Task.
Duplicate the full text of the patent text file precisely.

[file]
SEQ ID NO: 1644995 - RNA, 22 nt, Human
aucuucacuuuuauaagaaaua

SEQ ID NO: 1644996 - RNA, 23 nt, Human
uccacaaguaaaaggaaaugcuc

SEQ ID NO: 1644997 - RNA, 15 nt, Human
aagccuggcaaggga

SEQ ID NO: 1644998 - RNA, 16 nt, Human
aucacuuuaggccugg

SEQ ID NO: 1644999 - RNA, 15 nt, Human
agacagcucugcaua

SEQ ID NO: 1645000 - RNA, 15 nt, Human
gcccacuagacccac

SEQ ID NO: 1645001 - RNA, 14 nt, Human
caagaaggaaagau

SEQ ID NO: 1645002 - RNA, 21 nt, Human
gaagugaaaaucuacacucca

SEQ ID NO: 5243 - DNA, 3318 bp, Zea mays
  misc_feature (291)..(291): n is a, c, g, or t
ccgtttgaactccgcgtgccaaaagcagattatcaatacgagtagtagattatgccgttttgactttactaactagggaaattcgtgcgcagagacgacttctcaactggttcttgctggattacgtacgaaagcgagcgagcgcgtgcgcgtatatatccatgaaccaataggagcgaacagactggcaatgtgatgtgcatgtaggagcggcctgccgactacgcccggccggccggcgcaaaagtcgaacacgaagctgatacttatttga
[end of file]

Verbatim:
SEQ ID NO: 1644995 - RNA, 22 nt, Human
aucuucacuuuuauaagaaaua

SEQ ID NO: 1644996 - RNA, 23 nt, Human
uccacaaguaaaaggaaaugcuc

SEQ ID NO: 1644997 - RNA, 15 nt, Human
aagccuggcaaggga

SEQ ID NO: 1644998 - RNA, 16 nt, Human
aucacuuuaggccugg

SEQ ID NO: 1644999 - RNA, 15 nt, Human
agacagcucugcaua

SEQ ID NO: 1645000 - RNA, 15 nt, Human
gcccacuagacccac

SEQ ID NO: 1645001 - RNA, 14 nt, Human
caagaaggaaagau

SEQ ID NO: 1645002 - RNA, 21 nt, Human
gaagugaaaaucuacacucca

SEQ ID NO: 5243 - DNA, 3318 bp, Zea mays
  misc_feature (291)..(291): n is a, c, g, or t
ccgtttgaactccgcgtgccaaaagcagattatcaatacgagtagtagattatgccgttttgactttactaactagggaaattcgtgcgcagagacgacttctcaactggttcttgctggattacgtacgaaagcgagcgagcgcgtgcgcgtatatatccatgaaccaataggagcgaacagactggcaatgtgatgtgcatgtaggagcggcctgccgactacgcccggccggccggcgcaaaagtcgaacacgaagctgatacttatttga